GLOBAL AWARENESS THROUGH HIP HOP CULTURE PROGRAM

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What Is It?

The Global Awareness through Hip Hop Culture Program is an award winning, innovative, standards-based music, language arts and social studies program designed to assist low-performing students in developing their language skills, life skills and global awareness through culturally responsive pedagogy. 

The Global Awareness through Hip Hop Culture Program is designed for students between the ages of 13 to 19.  It can be offered as:

  • a year-long course
  • after school program 
  • summer program 
  • workshop series
  • or any other format 

  

         

Why Hip Hop?

 

Over 3 decades ago, Hip Hop culture was founded on the ideals of peace, love, and unity.  Through the medium of Hip Hop, urban youth were able to voice their dreams, hopes, and goals as well as their concerns and worries.  Over the years, Hip Hop has grown into a global phenomenon.  It is now widely recognized as the voice of today's youth.  While mainstream media has popularized negative elements of Hip Hop, at its core, Hip Hop culture is a tool for enrichment and empowerment and has been effective in improving the lives of millions around the world.  Spanning the continents, the positive impact of Hip Hop culture has been documented by academics, scholars, and professors alike.   Princeton University’s professor of religion Dr. Cornel West believes that “Hip Hop can be used as a potent weapon to create change in our communities." The Global Awareness through Hip Hop Culture Program was created based on such premise.

Why It Was Created:

Inner-city high schools across the nation are facing a crisis. African-American, Hispanic, and low-income students are the most affected with national graduation rate widely accepted at approximately 50%.  About 12% of the nation’s 20,000 high schools produce almost three-quarters of its minority dropouts.  In 2004, Los Angeles and New York City, which have the nation’s largest school districts, graduated a little over 45% of their students.  That same year, Detroit, had a 24.9% graduation rate.  Even more alarming is the fact that for many of the students who do graduate, “The average African American or Hispanic 12th grader has lower basic skills than the average white eighth grader.”

Poverty, unemployment, gangs and lack of parental involvement have often been recognized as contributing factors to this educational meltdown.  However, for all of the research and statistical data, the problems persist and the same questions are asked:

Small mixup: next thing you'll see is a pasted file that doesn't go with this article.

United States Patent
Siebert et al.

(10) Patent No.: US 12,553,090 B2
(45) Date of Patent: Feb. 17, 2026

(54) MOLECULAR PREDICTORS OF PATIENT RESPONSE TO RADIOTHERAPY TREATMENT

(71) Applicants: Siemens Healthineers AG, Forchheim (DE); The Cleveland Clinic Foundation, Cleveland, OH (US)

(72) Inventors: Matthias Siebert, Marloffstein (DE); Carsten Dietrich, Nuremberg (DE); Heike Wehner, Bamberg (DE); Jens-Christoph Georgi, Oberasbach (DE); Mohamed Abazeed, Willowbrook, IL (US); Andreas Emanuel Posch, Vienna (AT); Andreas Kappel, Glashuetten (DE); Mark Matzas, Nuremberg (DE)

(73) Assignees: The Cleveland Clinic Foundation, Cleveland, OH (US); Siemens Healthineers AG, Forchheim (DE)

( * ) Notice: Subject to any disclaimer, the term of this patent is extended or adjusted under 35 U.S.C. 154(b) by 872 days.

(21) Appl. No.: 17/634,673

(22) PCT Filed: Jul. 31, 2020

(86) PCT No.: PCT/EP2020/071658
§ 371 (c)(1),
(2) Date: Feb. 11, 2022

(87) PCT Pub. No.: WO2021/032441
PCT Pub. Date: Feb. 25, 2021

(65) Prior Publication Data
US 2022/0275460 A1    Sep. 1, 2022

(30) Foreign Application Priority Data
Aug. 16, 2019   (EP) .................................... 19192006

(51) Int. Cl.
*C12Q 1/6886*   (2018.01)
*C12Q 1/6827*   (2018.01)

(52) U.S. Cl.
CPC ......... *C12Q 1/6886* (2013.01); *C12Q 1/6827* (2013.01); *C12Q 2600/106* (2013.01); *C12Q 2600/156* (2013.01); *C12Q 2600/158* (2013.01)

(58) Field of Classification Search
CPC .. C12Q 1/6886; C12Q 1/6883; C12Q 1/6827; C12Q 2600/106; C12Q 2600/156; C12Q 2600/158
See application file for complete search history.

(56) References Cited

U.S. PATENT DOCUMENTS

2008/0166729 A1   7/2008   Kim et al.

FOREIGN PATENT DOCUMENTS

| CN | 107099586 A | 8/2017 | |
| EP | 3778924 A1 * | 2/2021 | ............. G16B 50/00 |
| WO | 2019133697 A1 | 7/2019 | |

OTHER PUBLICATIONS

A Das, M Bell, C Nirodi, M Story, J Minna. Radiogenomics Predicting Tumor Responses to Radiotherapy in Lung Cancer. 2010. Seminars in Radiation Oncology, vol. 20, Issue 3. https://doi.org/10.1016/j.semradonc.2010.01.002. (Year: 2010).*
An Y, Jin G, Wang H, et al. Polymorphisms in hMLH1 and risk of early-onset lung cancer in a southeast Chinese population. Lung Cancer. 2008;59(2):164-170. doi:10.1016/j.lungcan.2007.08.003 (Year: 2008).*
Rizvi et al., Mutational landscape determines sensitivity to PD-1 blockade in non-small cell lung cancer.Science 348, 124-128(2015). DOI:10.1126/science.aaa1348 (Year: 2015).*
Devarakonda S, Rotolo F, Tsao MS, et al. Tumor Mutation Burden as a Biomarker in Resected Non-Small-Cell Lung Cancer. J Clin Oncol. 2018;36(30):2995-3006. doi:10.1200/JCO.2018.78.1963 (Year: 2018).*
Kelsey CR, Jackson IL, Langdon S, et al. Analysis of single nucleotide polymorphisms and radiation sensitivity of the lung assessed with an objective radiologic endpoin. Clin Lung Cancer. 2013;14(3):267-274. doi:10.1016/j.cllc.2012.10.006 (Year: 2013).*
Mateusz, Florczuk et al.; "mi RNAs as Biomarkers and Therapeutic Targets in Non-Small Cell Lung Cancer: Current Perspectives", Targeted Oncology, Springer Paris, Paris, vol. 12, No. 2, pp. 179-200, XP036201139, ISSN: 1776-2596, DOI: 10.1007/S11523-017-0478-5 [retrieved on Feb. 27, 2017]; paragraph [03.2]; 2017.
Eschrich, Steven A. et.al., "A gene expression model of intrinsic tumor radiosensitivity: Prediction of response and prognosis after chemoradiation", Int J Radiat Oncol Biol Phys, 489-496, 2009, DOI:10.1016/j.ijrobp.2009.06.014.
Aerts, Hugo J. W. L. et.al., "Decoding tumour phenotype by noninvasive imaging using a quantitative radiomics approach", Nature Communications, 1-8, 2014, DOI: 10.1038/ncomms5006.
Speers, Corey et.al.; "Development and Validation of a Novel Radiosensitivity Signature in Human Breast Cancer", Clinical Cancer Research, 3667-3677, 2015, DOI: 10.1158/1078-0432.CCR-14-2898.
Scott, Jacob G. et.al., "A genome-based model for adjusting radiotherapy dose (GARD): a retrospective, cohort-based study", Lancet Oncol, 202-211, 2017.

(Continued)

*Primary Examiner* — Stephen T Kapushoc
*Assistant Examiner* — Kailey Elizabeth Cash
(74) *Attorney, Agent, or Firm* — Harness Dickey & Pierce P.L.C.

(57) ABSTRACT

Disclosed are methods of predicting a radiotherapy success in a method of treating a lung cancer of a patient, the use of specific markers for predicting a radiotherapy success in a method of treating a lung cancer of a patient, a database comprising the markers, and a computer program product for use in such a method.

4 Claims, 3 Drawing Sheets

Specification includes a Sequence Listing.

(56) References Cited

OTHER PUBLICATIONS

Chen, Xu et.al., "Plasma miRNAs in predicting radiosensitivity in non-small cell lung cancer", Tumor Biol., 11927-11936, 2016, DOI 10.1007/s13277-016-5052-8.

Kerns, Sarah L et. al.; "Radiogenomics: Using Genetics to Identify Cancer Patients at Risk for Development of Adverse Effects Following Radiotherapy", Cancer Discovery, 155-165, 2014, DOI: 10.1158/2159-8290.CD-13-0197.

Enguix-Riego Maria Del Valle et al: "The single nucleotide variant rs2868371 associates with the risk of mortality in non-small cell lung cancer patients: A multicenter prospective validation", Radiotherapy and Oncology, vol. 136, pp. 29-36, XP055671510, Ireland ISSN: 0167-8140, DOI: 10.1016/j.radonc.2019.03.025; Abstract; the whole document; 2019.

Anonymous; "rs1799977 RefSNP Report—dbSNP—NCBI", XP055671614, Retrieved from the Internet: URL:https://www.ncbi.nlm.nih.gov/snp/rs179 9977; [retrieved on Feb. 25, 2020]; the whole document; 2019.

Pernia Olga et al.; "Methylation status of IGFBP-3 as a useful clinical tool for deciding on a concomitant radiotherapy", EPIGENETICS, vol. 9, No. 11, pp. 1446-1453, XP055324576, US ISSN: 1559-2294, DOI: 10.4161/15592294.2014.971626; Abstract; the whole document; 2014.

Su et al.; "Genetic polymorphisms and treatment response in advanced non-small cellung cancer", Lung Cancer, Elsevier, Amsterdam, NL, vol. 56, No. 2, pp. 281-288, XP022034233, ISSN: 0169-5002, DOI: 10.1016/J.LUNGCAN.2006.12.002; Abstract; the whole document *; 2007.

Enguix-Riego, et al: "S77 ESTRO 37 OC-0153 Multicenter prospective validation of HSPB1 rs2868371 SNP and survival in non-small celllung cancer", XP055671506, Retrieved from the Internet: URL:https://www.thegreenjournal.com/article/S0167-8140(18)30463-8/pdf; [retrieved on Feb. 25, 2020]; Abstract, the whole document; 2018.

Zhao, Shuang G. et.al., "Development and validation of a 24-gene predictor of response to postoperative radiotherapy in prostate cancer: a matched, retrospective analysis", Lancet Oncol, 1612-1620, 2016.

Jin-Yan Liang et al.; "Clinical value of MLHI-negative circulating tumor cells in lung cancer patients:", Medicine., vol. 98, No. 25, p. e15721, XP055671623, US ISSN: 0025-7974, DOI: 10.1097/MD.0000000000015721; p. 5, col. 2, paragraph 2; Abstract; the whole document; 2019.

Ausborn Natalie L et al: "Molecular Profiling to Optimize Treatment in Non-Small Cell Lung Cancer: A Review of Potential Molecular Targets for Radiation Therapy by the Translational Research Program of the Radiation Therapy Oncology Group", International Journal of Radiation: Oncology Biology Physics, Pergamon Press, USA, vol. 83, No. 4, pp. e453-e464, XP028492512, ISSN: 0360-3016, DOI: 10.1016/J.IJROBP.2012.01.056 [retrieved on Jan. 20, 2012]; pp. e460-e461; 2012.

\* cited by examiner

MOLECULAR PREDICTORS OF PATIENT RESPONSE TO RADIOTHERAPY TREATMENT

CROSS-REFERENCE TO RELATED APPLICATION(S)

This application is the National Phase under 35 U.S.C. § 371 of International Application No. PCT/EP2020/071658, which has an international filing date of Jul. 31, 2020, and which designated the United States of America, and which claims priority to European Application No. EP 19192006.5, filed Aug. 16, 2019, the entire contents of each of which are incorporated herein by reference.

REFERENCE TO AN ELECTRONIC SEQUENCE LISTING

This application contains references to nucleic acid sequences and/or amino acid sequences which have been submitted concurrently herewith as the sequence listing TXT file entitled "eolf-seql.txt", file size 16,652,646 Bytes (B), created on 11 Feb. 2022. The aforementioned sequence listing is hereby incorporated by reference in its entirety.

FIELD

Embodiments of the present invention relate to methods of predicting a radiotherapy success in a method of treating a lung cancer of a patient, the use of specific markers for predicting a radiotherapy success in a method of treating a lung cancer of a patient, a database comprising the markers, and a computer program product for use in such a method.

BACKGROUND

• How can we make students understand the need and value of education? 
  • How can we close the achievement gap?
  • How can students be motivated to learn? 

With all the good will in the world, systemic flaws are nearly impossible to rectify without facing an overwhelming barrage of red tape, budgetary constraints, bureaucracy and resistance to change from the administrators themselves.  If that weren’t difficult enough, how do we deal with the treacherous psychosocial conditions that attack the spirits and minds of our youth everyday, beyond the confines of school grounds?  From this standpoint, the situation appears hopeless.  However, it is not.

In an early 2005 address to leaders of the Education Commission of the States, Susan Sclafani, assistant secretary for the U.S. Department of Education stated that, “Students must have arts…and that schools must include the arts as part of the curriculum if students are going to reach the high levels of achievement required by the NCLB federal policy.”

In 2006, the Bill & Melinda Gates Foundation published a report titled “A Silent Epidemic – Perspectives of High School Dropouts”.  This research was based on a series of focus groups and surveys conducted with high school dropouts in 25 different locations across the U.S. The results were surprising.

  • Forty-seven percent said that a major reason for dropping out was that classes were not interesting.
  • Sixty-nine percent said they were not motivated or inspired to work hard.
  • Seventy-one percent said their schools did not do enough to make school interesting.

The same year, State Superintendent of Public Instruction Jack O'Connell issued a news release on an L.A. Times Series on the high school dropout problem in which he stated, "The only way Californians will succedd in this demanding age is by improving our educational system and finding ways to connect with students who do not feel invested in attending school."  State S

One of the ways to connect with students, who do not feel invested in their education, lies in profoundly understanding the “new urban teen psychology” which stems from overexposure to a combination of modern psychosocial conditioning, pop culture, and media influence.  Another way to connect with students is to create partnerships with community-based entities that possess a solid grasp on issues affecting urban youth and who have developed specialized methods to address these concerns effectively within a school setting.  The Global Awareness through Hip Hop Culture Program was created to make these connections.

            
           

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